Property Services/Otter Tail Appraisals has answers to "Frequently Asked Questions"
Define the term "Appraisal"
Define the term "Appraisal"(See list of FAQ's) An appraisal report is a thought process that concludes with an opinion of value. The real estate appraiser must use a few "approaches," typically three, to conclude the estimation of market value. One of the processes in use is the Cost Approach, which finds what it would cost to restore the improvements to the home, minus depreciation and physical dilapidation, plus the land value. Another of the processes is the Sales Comparison Approach - which involves making a comparable analysis to other similar properties within a close vicinity which have recently sold. The Sales Comparison Approach is normally the most definitive and clearest indicator of a liklely sales price for a residential property. One of the least common approaches in appraising residential properties is the Income Approach, which is commonly used to determine the market value of a property based on what an investor would pay based on the capital produced by the building.
Describe what an appraiser does(See list of FAQ's) An appraiser produces a professional, unbiased determination of market value, to be used in making real estate transactions. Appraisers illustate their conclusions in appraisal reports.
What would cause me to request your services?(See list of FAQ's) There are many reasons to obtain an appraisal from Property Services/Otter Tail Appraisals with the usual reason being real estate and mortgage transactions. A few other reasons for ordering an appraisal report include:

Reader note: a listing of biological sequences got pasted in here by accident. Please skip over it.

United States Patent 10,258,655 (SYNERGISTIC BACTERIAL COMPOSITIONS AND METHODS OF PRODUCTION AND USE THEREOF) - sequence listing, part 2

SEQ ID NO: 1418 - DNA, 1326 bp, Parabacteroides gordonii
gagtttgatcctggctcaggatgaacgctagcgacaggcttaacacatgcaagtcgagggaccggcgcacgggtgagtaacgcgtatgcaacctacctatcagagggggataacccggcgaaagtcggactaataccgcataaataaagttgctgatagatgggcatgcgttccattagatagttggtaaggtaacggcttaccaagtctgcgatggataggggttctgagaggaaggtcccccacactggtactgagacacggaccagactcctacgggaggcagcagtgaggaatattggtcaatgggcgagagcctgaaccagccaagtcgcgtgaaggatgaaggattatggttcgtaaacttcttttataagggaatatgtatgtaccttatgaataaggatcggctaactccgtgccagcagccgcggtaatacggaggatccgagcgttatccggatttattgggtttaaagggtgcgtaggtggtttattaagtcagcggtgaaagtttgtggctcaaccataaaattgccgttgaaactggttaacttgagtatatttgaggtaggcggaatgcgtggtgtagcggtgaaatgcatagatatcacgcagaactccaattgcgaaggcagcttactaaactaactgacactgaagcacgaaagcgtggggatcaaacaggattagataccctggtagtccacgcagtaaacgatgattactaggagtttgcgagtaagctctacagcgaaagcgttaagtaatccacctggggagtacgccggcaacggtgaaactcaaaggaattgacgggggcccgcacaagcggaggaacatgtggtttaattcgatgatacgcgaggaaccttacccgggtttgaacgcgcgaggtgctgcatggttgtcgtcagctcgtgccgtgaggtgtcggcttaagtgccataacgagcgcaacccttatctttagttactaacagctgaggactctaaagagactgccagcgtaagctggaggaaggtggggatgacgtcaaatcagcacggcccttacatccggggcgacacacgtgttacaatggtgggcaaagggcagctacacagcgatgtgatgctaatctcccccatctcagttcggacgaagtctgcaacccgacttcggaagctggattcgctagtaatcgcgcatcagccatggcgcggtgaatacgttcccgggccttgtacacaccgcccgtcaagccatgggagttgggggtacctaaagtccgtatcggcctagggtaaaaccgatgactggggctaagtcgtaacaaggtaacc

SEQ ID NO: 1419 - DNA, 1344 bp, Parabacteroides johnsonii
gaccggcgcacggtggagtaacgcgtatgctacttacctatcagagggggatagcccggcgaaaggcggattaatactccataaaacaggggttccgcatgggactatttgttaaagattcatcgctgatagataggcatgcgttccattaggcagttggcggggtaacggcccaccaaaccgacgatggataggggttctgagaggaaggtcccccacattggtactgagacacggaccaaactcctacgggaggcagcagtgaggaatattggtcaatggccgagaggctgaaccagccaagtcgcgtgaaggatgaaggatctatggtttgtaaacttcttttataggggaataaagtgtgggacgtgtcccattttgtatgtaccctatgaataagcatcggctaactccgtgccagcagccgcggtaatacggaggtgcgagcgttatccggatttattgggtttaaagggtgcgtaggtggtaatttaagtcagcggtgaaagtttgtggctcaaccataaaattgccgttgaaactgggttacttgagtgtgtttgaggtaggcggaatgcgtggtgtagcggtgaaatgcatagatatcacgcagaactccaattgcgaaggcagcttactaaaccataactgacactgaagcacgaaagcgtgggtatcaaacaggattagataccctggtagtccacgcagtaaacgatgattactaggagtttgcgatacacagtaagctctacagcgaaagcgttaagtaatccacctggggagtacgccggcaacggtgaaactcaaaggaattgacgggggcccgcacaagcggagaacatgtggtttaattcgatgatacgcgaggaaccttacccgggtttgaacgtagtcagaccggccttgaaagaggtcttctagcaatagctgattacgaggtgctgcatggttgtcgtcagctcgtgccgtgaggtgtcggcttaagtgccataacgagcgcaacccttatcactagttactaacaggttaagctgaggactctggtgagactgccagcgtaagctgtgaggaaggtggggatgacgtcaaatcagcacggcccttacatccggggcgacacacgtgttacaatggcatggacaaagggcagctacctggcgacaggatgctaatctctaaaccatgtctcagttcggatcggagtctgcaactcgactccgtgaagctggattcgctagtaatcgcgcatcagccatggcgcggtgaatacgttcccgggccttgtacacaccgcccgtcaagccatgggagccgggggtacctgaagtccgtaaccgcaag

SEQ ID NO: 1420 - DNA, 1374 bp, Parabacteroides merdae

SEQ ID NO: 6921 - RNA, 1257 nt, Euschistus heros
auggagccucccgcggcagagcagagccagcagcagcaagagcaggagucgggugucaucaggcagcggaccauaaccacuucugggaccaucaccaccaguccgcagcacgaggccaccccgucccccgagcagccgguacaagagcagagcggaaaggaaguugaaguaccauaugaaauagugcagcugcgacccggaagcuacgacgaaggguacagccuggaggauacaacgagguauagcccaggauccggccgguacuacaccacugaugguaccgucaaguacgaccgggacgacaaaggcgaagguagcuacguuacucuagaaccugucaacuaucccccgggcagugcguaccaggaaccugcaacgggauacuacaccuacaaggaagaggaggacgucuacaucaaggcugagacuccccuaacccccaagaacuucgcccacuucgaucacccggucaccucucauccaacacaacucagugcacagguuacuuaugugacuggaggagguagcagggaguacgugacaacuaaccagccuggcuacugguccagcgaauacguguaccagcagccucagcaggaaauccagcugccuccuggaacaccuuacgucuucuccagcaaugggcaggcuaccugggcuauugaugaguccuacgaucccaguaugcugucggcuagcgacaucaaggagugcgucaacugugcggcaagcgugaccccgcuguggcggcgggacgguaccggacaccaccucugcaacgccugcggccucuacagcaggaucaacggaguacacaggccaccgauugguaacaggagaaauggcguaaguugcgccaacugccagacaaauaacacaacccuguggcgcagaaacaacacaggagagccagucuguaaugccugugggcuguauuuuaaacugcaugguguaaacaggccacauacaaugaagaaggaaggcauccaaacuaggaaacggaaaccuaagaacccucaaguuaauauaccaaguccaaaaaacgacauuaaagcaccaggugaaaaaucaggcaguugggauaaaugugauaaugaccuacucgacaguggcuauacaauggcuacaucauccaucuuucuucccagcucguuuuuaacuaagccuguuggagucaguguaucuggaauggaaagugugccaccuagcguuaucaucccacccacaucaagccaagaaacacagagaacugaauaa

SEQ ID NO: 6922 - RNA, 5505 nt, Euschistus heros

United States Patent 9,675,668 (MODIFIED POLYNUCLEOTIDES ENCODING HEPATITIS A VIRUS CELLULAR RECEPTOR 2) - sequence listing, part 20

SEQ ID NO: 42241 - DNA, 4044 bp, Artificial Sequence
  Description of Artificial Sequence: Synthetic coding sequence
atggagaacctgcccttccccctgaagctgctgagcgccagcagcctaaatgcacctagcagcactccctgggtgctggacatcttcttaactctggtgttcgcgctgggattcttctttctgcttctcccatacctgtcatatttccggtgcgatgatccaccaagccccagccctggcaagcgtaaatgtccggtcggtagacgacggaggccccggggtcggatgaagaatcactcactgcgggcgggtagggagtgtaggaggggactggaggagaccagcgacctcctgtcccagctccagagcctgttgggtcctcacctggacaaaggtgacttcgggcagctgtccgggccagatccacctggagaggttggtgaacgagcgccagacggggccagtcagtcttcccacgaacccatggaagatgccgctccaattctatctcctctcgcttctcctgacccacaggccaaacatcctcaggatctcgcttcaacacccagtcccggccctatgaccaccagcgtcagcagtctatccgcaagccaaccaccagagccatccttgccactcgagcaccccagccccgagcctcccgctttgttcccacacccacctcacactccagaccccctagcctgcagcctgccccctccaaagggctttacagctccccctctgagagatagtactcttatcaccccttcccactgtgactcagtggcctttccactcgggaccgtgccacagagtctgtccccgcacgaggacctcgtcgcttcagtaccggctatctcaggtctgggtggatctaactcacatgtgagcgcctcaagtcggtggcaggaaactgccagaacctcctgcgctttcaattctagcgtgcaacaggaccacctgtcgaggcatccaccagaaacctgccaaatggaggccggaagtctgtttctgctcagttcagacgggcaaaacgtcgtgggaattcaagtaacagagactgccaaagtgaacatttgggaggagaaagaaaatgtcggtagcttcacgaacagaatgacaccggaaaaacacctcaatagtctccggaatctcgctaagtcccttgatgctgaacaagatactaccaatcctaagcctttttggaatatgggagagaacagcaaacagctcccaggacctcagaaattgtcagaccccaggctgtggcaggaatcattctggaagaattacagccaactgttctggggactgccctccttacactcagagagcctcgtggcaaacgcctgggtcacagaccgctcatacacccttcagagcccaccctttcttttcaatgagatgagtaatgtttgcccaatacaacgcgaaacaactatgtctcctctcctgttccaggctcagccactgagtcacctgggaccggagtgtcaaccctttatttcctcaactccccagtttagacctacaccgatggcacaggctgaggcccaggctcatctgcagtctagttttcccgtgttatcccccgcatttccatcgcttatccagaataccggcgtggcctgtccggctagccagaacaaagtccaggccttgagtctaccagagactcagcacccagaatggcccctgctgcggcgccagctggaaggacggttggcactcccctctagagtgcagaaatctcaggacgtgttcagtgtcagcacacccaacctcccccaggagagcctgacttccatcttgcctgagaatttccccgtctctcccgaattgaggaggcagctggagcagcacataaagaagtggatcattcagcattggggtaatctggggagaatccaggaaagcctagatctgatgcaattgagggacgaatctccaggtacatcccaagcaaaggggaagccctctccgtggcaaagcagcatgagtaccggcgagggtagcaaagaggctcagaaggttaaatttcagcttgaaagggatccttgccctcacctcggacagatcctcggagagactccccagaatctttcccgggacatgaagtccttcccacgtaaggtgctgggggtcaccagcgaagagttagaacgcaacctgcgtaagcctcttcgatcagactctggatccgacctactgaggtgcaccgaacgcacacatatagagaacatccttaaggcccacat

Is an appraisal the same as a home inspection? (See list of FAQ's)Appraisers do not do complete house inspections and are not home inspectors. A third-party home inspector will investigate the structure of the house, from the roof to the bottom. Commonly, a home inspection report will explain the amenities and the necessities of the property: air conditioning (weather permitting), electrical functions, the condition of the heating system, the plumbing; then the structural capacity of the home such as the attic, accessible insulation, walls, floors, ceilings, windows, then the foundation, basement and visible structures.
Is an appraisal the same as a comparative market analysis(CMA)?(See list of FAQ's) Frankly, they have nothing in common. The CMA relies on indistinct local market trends. The appraisal relies on similar proven comparable sales. The appraisal report will also include neighborhood and building values. A CMA delivers a "ball park figure." Delivering a defensible and careful analysis, an appraisal will give a clear opinion of value.
But the biggest difference is who's creating the report. A CMA is written by a real estate agent who may or may not have a true grasp of the market or valuation concepts. The appraisal is produce by a licensed, certified professional who has made a career out of valuing properties. Further, the appraiser is an independent voice, with no conditional interest in the property's value, unlike the real estate agent, whose income is tied to the value of the home.
What are the contents of an appraisal report? (See list of FAQ's)Every appraisal must demonstrate a credible value opinion and must identify the following:
Once the report has been completed, what assurance is there that the value conclusion is accurate?(See list of FAQ's) In communicating an appraisal report, each appraiser must make sure of the following:
Who employs appraisers?(See list of FAQ's) Commonly, appraisers are employed by lenders to render a value opinion on a home involved in a loan transaction. Attorneys and CPAs also hire appraisers for asset division and estate settlements.
Where does an appraiser get the data used to estimate values in Otter Tail County or other areas?(See list of FAQ's) One of the primary tasks an appraiser engages in is to gather data. Data can be described as either Specific or General. Specific data is taken from the property itself; Location, condition, amenities, size and other specific data are documented by the appraiser while on site.